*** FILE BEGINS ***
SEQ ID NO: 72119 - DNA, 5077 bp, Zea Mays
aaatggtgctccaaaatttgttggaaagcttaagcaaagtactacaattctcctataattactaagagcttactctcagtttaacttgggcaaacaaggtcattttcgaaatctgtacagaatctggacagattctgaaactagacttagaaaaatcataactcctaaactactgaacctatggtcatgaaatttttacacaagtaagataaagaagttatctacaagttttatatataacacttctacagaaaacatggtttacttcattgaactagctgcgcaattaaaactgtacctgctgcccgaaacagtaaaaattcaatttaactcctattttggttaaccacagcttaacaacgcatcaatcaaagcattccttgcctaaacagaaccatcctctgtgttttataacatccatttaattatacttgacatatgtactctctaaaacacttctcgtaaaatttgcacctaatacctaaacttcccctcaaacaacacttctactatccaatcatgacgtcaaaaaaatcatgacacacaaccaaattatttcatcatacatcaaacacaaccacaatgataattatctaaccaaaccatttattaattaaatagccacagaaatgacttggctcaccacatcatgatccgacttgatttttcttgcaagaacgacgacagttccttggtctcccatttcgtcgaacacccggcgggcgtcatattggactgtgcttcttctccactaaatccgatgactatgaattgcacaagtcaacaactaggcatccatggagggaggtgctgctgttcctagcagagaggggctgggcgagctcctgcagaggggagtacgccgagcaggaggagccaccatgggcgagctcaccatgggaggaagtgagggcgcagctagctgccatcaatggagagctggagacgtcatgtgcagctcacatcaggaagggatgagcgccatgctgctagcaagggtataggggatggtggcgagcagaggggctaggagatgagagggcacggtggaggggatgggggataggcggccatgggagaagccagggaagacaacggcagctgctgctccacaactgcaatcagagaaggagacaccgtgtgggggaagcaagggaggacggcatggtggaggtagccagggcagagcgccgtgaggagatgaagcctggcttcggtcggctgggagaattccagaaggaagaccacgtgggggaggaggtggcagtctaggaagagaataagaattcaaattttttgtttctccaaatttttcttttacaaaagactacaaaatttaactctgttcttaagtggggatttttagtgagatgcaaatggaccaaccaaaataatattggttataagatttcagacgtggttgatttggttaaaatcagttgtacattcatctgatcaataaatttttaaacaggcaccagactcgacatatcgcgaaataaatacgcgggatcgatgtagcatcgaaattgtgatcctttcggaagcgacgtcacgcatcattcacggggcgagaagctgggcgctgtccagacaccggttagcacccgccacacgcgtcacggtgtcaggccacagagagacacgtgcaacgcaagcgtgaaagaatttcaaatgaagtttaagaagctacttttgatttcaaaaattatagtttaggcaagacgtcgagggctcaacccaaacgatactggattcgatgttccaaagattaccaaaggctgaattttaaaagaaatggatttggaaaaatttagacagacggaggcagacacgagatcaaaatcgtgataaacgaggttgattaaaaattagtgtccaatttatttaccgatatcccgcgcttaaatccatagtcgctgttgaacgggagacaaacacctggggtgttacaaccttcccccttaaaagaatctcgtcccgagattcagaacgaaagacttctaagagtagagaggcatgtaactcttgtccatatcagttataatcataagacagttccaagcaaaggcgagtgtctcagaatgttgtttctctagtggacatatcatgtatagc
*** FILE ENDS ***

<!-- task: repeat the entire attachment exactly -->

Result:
SEQ ID NO: 72119 - DNA, 5077 bp, Zea Mays
aaatggtgctccaaaatttgttggaaagcttaagcaaagtactacaattctcctataattactaagagcttactctcagtttaacttgggcaaacaaggtcattttcgaaatctgtacagaatctggacagattctgaaactagacttagaaaaatcataactcctaaactactgaacctatggtcatgaaatttttacacaagtaagataaagaagttatctacaagttttatatataacacttctacagaaaacatggtttacttcattgaactagctgcgcaattaaaactgtacctgctgcccgaaacagtaaaaattcaatttaactcctattttggttaaccacagcttaacaacgcatcaatcaaagcattccttgcctaaacagaaccatcctctgtgttttataacatccatttaattatacttgacatatgtactctctaaaacacttctcgtaaaatttgcacctaatacctaaacttcccctcaaacaacacttctactatccaatcatgacgtcaaaaaaatcatgacacacaaccaaattatttcatcatacatcaaacacaaccacaatgataattatctaaccaaaccatttattaattaaatagccacagaaatgacttggctcaccacatcatgatccgacttgatttttcttgcaagaacgacgacagttccttggtctcccatttcgtcgaacacccggcgggcgtcatattggactgtgcttcttctccactaaatccgatgactatgaattgcacaagtcaacaactaggcatccatggagggaggtgctgctgttcctagcagagaggggctgggcgagctcctgcagaggggagtacgccgagcaggaggagccaccatgggcgagctcaccatgggaggaagtgagggcgcagctagctgccatcaatggagagctggagacgtcatgtgcagctcacatcaggaagggatgagcgccatgctgctagcaagggtataggggatggtggcgagcagaggggctaggagatgagagggcacggtggaggggatgggggataggcggccatgggagaagccagggaagacaacggcagctgctgctccacaactgcaatcagagaaggagacaccgtgtgggggaagcaagggaggacggcatggtggaggtagccagggcagagcgccgtgaggagatgaagcctggcttcggtcggctgggagaattccagaaggaagaccacgtgggggaggaggtggcagtctaggaagagaataagaattcaaattttttgtttctccaaatttttcttttacaaaagactacaaaatttaactctgttcttaagtggggatttttagtgagatgcaaatggaccaaccaaaataatattggttataagatttcagacgtggttgatttggttaaaatcagttgtacattcatctgatcaataaatttttaaacaggcaccagactcgacatatcgcgaaataaatacgcgggatcgatgtagcatcgaaattgtgatcctttcggaagcgacgtcacgcatcattcacggggcgagaagctgggcgctgtccagacaccggttagcacccgccacacgcgtcacggtgtcaggccacagagagacacgtgcaacgcaagcgtgaaagaatttcaaatgaagtttaagaagctacttttgatttcaaaaattatagtttaggcaagacgtcgagggctcaacccaaacgatactggattcgatgttccaaagattaccaaaggctgaattttaaaagaaatggatttggaaaaatttagacagacggaggcagacacgagatcaaaatcgtgataaacgaggttgattaaaaattagtgtccaatttatttaccgatatcccgcgcttaaatccatagtcgctgttgaacgggagacaaacacctggggtgttacaaccttcccccttaaaagaatctcgtcccgagattcagaacgaaagacttctaagagtagagaggcatgtaactcttgtccatatcagttataatcataagacagttccaagcaaaggcgagtgtctcagaatgttgtttctctagtggacatatcatgtatagc